73. Ronnie Perkins, EDGE, Oklahoma
  74. Asante Samuel Jr., CB, Florida State
  75. Levi Onwuzurike, DL, Washington
  76. Davis Mills, QB, Stanford
  77. Benjamin St-Juste, CB, Minnesota
  78. Walker Little, OT, Stanford
  79. Shi Smith, WR, South Carolina
  80. Spencer Brown, OT, Northern Iowa
  81. Michael Carter, RB, UNC
  82. Aaron Robinson, CB, UCF
  83. Tylan Wallace, WR, Oklahoma State
  84. Dylan Moses, LB, Alabama
  85. Kyle Trask, QB, Florida
  86. Marvin Wilson, DL, Florida State
  87. Amon-Ra St. Brown, WR, USC
  88. D’Wayne Eskridge, WR, Western Michigan
  89. Dyami Brown, WR, UNC
  90. Payton Turner, EDGE, Houston
  91. Tommy Tremble, Notre Dame (Third-round cut off)
  92. Tyler Shelvin, DL, LSU
  93. Nolan Laufenburg, G, Air Force
  94. Robert Rochell, CB, Central Arkansas
  95. Monty Rice, LB, Georgia
  96. Quinn Meinerz, C, Wisconsin-Whitewater
  97. Cameron McGrone, LB, Michigan
  98. Jackson Carmen, G, Clemson
  99. Shaun Wade, CB, Ohio State
  100. Kenny Yeboah, TE, Ole Miss

Let’s get into the nitty gritty now and take a look at each of the position groups. I tried to get very granular with these. Too often we just use the terms “EDGE” or “Linebacker” for so many front seven players. I wanted to really dive into which players fit into which schemes in my eyes.

Quarterback

  1. Trevor Lawrence, Clemson
  2. Trey Lance, North Dakota State
  3. Zach Wilson, BYU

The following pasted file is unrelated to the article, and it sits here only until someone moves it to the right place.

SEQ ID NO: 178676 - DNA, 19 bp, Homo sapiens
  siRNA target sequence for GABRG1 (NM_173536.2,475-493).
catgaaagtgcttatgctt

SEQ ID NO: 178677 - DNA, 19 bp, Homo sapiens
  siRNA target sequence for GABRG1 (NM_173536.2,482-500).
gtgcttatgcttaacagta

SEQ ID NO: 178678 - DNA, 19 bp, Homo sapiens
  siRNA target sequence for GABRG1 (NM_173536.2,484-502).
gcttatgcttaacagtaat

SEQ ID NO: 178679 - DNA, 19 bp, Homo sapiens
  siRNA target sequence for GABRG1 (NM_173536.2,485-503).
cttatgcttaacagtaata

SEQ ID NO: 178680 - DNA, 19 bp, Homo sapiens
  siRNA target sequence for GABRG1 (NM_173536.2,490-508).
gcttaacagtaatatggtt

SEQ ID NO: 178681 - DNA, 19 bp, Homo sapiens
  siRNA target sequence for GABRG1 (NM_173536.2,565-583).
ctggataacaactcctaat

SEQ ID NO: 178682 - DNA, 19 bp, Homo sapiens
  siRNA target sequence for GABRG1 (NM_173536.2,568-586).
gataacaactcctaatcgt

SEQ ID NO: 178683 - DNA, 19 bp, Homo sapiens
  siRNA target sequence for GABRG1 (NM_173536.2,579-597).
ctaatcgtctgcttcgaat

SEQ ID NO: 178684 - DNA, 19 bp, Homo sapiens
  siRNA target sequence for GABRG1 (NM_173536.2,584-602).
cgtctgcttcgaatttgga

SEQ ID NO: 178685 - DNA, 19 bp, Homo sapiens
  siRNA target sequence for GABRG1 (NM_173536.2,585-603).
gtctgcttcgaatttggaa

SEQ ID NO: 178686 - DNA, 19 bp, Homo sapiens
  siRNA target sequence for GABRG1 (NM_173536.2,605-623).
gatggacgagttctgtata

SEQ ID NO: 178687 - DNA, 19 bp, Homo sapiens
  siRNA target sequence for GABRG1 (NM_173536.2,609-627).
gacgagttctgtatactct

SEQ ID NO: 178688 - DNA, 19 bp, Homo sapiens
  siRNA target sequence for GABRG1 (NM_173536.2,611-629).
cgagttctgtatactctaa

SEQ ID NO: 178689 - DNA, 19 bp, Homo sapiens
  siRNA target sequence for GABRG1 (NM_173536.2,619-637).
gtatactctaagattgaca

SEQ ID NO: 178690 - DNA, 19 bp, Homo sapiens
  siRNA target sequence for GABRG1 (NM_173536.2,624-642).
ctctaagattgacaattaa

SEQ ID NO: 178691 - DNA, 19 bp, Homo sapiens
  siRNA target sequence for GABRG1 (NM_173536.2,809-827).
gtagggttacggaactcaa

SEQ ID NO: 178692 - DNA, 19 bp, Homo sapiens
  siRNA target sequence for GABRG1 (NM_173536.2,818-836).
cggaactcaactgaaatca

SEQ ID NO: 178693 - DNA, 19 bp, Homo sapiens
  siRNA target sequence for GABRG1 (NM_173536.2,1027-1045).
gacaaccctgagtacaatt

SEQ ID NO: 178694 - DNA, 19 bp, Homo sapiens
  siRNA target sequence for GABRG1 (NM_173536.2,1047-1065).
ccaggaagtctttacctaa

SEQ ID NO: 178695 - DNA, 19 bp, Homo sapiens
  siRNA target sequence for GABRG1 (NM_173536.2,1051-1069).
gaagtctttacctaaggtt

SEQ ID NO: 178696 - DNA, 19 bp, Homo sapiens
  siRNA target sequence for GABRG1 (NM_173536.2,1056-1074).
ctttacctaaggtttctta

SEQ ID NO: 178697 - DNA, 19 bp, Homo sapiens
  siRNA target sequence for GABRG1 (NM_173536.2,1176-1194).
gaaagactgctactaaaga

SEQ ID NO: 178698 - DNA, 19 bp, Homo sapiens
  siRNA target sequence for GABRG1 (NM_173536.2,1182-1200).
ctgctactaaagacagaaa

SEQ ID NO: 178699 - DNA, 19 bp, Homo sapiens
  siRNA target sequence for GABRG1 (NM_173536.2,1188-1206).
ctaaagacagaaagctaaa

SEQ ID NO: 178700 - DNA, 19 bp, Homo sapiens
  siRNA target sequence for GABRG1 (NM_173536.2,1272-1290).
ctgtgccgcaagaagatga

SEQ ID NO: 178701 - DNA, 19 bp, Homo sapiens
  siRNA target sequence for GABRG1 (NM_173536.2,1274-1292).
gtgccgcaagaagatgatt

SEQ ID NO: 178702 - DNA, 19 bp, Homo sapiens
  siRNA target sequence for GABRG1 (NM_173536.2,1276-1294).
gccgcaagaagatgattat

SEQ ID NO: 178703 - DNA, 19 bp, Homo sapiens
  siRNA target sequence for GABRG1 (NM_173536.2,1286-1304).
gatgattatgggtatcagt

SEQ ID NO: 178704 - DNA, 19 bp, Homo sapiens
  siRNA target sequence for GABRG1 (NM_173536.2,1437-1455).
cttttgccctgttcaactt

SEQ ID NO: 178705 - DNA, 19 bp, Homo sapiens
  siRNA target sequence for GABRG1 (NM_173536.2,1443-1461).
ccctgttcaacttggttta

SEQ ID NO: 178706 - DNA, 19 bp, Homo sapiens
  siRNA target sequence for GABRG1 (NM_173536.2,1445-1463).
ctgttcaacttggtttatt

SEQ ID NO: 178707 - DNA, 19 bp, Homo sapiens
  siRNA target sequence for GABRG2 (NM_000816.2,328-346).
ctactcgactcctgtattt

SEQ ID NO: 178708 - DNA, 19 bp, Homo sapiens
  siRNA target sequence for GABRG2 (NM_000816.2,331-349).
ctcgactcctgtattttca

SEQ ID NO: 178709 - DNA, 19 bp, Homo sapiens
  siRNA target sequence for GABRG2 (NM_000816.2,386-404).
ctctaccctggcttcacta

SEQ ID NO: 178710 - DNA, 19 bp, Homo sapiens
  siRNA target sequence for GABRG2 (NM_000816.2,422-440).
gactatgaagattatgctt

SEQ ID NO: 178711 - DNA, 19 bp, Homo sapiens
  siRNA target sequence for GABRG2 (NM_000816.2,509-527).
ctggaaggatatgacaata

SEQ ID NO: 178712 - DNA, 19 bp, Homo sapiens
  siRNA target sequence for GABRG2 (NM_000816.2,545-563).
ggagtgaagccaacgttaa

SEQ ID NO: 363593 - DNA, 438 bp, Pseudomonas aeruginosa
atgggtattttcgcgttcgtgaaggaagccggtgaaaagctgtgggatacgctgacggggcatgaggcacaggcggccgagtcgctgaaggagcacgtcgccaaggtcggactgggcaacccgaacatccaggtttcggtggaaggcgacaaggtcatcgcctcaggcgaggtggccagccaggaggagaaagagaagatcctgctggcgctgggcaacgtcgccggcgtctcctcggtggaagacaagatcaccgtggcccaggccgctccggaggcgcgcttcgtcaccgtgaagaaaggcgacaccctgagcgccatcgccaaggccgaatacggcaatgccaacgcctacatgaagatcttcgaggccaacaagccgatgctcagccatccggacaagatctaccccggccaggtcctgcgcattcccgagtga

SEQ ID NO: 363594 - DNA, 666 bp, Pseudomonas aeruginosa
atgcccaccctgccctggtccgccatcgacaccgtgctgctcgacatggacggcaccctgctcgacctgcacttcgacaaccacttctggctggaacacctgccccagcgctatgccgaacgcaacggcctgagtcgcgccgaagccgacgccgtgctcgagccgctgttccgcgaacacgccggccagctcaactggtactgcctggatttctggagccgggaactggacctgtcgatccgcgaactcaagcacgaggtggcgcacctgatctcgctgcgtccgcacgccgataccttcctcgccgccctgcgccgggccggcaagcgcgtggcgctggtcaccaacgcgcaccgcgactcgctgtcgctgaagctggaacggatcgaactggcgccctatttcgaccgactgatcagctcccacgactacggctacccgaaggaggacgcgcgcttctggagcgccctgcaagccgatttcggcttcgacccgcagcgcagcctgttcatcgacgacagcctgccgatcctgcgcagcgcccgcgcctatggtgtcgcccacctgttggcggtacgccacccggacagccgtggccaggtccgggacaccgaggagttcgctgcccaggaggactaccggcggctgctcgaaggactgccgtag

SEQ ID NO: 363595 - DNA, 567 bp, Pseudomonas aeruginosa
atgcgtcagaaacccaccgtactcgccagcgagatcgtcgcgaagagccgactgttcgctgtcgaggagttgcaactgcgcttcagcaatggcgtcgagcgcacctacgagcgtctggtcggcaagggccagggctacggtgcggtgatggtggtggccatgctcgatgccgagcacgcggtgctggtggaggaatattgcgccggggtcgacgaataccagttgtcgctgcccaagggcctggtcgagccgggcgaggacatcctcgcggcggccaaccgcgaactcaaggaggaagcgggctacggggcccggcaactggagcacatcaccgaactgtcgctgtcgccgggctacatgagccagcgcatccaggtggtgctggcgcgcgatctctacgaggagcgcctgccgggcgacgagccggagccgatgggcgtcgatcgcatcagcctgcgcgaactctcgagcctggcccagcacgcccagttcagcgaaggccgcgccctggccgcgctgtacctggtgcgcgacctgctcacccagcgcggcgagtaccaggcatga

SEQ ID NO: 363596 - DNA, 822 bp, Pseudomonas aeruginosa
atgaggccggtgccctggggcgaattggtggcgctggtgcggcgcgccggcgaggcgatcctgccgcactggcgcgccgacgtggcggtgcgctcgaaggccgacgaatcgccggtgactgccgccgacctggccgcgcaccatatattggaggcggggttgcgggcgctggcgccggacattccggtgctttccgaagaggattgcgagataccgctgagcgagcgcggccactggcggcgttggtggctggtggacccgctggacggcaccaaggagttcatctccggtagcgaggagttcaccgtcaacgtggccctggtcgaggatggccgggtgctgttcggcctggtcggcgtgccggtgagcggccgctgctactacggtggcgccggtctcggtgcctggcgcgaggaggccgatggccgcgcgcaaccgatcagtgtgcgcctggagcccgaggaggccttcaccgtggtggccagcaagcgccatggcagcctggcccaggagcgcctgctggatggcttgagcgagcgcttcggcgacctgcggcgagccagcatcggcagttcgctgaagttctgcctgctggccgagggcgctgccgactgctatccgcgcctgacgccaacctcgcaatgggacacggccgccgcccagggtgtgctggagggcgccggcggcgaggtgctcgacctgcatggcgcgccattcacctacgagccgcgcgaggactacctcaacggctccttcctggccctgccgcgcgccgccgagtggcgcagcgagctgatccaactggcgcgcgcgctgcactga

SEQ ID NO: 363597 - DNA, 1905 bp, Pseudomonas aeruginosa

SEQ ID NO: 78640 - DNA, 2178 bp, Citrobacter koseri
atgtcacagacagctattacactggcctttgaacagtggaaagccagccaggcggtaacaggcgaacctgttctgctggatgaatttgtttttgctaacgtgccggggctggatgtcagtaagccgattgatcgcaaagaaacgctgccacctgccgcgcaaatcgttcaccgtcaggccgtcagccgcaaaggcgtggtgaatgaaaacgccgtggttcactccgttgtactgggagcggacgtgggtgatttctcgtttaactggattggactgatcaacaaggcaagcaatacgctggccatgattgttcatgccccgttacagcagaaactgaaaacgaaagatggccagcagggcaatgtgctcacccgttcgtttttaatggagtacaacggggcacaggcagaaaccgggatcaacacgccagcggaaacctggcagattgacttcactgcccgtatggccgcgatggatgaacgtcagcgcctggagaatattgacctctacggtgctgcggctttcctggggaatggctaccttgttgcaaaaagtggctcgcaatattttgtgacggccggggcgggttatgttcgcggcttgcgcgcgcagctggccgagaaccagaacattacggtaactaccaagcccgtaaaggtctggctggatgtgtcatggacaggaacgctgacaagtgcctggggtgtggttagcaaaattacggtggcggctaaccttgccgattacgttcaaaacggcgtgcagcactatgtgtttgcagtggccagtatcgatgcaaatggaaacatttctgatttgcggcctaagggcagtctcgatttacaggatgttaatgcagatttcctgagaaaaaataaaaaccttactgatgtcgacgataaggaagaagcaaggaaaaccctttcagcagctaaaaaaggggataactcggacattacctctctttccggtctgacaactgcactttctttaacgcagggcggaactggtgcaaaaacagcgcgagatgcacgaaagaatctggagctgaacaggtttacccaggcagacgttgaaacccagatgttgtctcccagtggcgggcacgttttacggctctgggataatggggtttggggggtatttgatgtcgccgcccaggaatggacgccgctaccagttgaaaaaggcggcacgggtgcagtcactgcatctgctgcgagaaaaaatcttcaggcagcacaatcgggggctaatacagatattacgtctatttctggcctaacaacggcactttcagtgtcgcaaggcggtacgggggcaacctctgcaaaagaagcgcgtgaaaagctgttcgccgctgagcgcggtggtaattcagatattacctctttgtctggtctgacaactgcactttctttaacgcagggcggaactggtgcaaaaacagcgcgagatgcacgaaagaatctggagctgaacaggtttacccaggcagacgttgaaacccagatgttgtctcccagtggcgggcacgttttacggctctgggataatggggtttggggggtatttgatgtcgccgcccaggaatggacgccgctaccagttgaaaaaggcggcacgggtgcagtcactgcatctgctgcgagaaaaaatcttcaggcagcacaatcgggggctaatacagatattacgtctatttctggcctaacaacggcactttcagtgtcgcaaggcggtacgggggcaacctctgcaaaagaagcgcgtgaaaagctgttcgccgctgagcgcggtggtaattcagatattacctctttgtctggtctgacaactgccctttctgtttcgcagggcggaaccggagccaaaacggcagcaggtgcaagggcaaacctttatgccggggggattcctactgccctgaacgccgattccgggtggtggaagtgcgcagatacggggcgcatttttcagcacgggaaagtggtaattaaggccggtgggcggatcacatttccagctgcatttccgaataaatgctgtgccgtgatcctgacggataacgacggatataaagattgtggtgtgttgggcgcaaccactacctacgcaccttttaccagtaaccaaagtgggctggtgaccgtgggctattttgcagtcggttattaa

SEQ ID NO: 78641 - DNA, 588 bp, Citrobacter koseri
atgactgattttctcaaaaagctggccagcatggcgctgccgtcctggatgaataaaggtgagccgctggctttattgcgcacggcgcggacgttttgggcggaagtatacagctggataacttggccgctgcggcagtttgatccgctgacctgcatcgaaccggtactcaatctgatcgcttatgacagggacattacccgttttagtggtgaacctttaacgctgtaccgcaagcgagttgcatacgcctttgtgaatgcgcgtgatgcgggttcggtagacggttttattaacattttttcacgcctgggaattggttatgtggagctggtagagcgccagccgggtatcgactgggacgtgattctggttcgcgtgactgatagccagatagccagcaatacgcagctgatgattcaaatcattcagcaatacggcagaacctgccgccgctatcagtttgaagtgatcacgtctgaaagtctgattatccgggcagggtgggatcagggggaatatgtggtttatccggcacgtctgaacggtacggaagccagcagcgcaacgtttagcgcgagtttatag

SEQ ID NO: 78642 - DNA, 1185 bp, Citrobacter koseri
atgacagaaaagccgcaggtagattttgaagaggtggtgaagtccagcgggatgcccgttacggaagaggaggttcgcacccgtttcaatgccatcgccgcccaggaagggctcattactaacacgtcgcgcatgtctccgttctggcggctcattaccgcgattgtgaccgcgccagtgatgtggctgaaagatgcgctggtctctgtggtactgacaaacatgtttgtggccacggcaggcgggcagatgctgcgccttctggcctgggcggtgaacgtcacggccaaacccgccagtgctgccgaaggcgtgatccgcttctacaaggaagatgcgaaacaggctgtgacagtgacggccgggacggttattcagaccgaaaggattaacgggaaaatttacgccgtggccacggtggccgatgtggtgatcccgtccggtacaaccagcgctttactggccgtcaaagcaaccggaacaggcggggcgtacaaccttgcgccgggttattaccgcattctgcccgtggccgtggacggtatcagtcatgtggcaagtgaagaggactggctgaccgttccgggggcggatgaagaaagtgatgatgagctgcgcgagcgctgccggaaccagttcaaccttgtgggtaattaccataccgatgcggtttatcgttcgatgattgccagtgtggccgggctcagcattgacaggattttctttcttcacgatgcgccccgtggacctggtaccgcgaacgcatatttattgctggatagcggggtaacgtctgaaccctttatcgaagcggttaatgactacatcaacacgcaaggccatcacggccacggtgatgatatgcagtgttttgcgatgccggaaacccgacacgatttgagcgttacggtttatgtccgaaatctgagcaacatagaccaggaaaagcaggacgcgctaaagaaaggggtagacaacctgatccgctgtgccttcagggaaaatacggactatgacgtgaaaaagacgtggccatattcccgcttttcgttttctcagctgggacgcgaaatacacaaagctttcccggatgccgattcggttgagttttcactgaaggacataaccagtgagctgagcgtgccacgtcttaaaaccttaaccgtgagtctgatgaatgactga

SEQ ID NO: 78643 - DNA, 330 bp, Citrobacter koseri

4. Mac Jones, Alabama
  5. Justin Fields, Ohio State
  6. Davis Mills, Stanford
  7. Kyle Trask, Florida
  8. Kellen Mond, Texas A&M
  9. Jamie Newman, QB, Wake Forest
  10. Shane Buechele, SMU

I don’t think there should be any surprise at No. 1. Trevor Lawrence checks all the physical boxes and enters the NFL with a wealth of high-level college experience. Meanwhile, my No. 2 quarterback lacks a lot of that polish that teams love about Lawrence. Trey Lance is incredibly physically gifted and has an incredibly high ceiling. I like his size a lot and think he is more likely to hold up at the next level than Zach Wilson. I do believe that Wilson has the best arm in this draft class, but I worry that he will not last long in the NFL. He runs with abandon and we saw that lead to a few injuries in college. Mac Jones is the most pro-ready passer in this class, but lacks the physical traits that wow fans and scouts alike. His ball placement is special though and I think he will be successful in the NFL, even if he is a bit unathletic by today’s standards for the position. Justin Fields is more of a project than I think most people realize. His speed is incredible, but his throwing motion and technique lack refining. I still believe in his potential, but I think his floor is lower than anyone else in the top five. Davis Mills is the biggest question mark in this class. Between injuries and a lack of experience, this is all about projection for him. I think he is a third-round prospect who will come off the board much sooner. Kellen Mond and Kyle Trask have some encouraging traits, but don’t bring enough to the table to make me believe either one of them will be high-end starters. I think both could be successful, but it will be more because of their surrounding talent than their raw skill. Jamie Newman is a wild card. He transferred from Wake Forest to Georgia only to opt out of the 2020 season after losing the starting job to Stetson Bennett. He is an intriguing project, but needs a ton of work. Shane Buchele is one of my favorite late-round quarterbacks. I think he could develop into a low-end starter or a reliable backup at the next level.